Western Pennsylvania Law Library Association

A chapter of the American Association of Law Libraries.


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December Link Roundup

  WPLLA member Cindy Cicco sent an invitation to join the weekly ALCTS e-Forum; specifically on called “eBook Management: What Works, What Doesn’t.” The event takes place on 11/13-11/14, so if you’re hearing about this for the first time on the WPLLA website, you’re out of luck. Perhaps one of our members who attended can fill us in on the details? Connect with any one of WPLLA’s board members and we’ll get a write-up on the site. If you’re interested in receiving information on upcoming ALCTS e-forums, check out the events website.

 

Fastcase Bulks Up on Treatises and Practice Guides From James Publishing On November 8, 2018, Fastcase announced a new partnership with James Publishing. James Publishing releases “. . . legal practice materials  including model pleadings, client letters, and step-by-step procedural checklists, pattern arguments, model questions,  and practice tips.” This move helps position Fastcase as a “. . .  full service legal research and analytics platform.”

 

Corbin on Pennsylvania Contracts The text, Corbin on Pennsylvania Contracts, is available for sale at the LexisNexis store. It covers Commonwealth-specific topics like the Uniform Written Obligations Act, the evidence of fraud needed to invalidate a contract, and the “four corners” approach to contract interpretation and construction (among many others).

 

How to Be a More Patient Person Experts have “. . . found that patience as a personality trait is modifiable.” Read through this article for info on how to control your temper and increase your patience.

 

The Essential Ebook Converter Guide For a discussion on the 12+ common file types associated with e-books (and the compatibility with different e-readers), check out this article!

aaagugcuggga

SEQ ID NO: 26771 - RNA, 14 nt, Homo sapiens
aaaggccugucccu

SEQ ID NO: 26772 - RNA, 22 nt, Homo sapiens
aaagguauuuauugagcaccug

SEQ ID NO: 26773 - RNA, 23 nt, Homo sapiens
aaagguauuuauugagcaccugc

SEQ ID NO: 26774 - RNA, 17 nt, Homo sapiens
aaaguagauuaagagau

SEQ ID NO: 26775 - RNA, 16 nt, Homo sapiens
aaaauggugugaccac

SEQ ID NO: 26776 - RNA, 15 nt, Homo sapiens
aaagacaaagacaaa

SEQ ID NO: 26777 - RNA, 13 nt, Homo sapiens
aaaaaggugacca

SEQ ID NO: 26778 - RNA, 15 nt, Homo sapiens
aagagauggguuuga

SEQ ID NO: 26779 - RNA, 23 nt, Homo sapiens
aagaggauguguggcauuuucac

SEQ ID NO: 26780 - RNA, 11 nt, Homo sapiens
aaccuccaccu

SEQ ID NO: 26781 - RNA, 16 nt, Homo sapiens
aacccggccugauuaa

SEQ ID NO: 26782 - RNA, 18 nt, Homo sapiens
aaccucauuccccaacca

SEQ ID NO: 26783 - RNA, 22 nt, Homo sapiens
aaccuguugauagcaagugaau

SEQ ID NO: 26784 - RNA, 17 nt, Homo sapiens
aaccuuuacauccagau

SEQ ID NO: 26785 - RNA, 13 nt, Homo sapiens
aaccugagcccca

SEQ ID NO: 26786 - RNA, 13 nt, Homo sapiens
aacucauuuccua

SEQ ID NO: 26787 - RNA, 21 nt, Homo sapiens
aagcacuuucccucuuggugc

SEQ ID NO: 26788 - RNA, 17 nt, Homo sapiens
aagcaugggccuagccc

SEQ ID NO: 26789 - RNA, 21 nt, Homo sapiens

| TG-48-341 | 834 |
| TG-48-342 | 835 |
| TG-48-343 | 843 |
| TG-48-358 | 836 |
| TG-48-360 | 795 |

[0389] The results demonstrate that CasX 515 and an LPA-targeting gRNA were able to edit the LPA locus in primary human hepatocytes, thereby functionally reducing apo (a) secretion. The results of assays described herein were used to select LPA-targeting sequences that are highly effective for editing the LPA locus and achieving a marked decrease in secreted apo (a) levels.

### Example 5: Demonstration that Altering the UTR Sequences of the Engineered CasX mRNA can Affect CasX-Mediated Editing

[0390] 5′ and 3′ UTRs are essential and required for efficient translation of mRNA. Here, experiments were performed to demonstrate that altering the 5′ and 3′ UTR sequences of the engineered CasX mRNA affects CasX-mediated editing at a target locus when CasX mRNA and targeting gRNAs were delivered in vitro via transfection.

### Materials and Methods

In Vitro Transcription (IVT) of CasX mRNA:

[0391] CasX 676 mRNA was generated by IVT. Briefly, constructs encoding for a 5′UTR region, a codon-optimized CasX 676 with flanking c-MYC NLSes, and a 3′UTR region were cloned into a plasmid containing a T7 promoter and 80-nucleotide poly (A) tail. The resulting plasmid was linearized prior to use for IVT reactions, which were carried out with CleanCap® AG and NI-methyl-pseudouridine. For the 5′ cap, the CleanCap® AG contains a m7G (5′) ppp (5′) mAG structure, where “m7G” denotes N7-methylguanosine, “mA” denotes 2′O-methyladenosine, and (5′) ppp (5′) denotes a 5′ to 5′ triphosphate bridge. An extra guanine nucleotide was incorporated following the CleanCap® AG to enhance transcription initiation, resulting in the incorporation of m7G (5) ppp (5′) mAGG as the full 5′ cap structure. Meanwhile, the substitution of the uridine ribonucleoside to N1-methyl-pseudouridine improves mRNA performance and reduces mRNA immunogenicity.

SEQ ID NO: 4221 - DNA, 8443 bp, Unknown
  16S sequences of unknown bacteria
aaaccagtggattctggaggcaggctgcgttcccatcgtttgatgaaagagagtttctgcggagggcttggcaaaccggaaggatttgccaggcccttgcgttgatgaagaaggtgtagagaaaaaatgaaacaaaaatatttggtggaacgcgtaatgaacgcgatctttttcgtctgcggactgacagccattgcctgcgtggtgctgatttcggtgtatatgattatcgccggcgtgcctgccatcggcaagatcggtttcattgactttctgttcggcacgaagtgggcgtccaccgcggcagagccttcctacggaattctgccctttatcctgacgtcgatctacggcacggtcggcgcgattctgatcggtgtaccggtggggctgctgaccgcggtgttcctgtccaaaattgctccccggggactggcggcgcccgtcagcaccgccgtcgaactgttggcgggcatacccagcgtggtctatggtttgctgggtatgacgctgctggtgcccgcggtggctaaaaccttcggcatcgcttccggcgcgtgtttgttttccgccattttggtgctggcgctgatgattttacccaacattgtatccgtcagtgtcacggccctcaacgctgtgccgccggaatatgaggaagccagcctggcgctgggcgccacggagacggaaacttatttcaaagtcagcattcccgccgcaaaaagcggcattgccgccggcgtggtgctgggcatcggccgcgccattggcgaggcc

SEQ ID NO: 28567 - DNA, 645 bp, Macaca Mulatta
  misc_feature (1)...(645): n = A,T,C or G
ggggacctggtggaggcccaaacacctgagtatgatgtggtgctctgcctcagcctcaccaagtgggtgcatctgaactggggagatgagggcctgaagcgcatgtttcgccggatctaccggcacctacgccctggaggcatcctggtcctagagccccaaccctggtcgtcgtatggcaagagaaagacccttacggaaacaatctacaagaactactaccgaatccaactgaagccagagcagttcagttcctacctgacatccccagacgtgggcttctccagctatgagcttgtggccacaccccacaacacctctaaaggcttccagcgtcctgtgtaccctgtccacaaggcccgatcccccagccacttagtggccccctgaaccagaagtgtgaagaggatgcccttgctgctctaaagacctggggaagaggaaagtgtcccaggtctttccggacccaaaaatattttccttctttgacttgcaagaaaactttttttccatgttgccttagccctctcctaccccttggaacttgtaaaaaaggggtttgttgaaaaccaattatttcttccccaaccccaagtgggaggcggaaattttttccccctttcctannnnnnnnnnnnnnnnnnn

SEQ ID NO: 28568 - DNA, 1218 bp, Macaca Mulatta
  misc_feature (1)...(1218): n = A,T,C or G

PaperShip: Access Your Zotero-Stored Sources on your Phone The Harvard Law School Library’s Blog, Et Seq., recently posted information about Zotero, a citation management software. The post includes a Zotero training PowerPoint slide deck and information on PaperShip, an app available through Apple’s app store to that allows users to “. . . get immediate access to the sources you have stored in your Zotero account.”

 

The GovLab Launches The Living Library – A New Resource on Technology, Innovation and Governance The GovLab at NYU Tandon School of Engineering recently launched The Living Library. This is “. . . A new resource that seeks to inform those interested in and working at the intersection of technology, innovation, and governance.” Review, search, and filter by categories like “. . .  geography, topic, governance level, or sector.”

 

When Microsoft’s Word Count feature goes to court The Legal Office Guru explains how to set the Word Count feature to include footnotes for Microsoft Word users. (HINT: there’s a checkbox to “include textboxes, footnotes and endnotes.) Read through the post for detailed instructions!

 

You Spin Me Right Round… A good lesson on the people (” . . . In house or outside counsel, senior partner or fresh faced associate, law clerk or technologist”) “. . . grappling with what to do and how to make sense of all of the changes happening in the industry.” Many of these changes are related to tech – either direct changes because of it, or ancillary changes by adapting to it. Please read the entire thoughtful post to gain more insights into the changes, and potential ways to combat resistance to and/or pivot with them.

 

CRS Report – Types of Committee Hearings Another interesting CRS report (made available on Every CRS Report, obviously) on the four types of Congressional committee hearings: “. . . legislative, oversight, investigative, and confirmation.”

 

Here’s What It’s Actually Like To Be A Librarian A “human interest” news story from BuzzFeedNews: a tally of the 1,400 responses to an informal survey of public sector librarians (including details on projects they’re working on, their pet peeves, and more).

 

Introduction to the Legislative Process in the U.S. Congress From the website Every CRS Report comes a link to a CRS report which details “. . . the main steps through which a bill (or other item of business) may travel in the legislative process—from introduction to committee and floor consideration to possible presidential consideration.” And take note – this CRS report identifies multiple other CRS reports that detail the many other ” . . . specific elements of congressional procedure” (check out this link for more titles).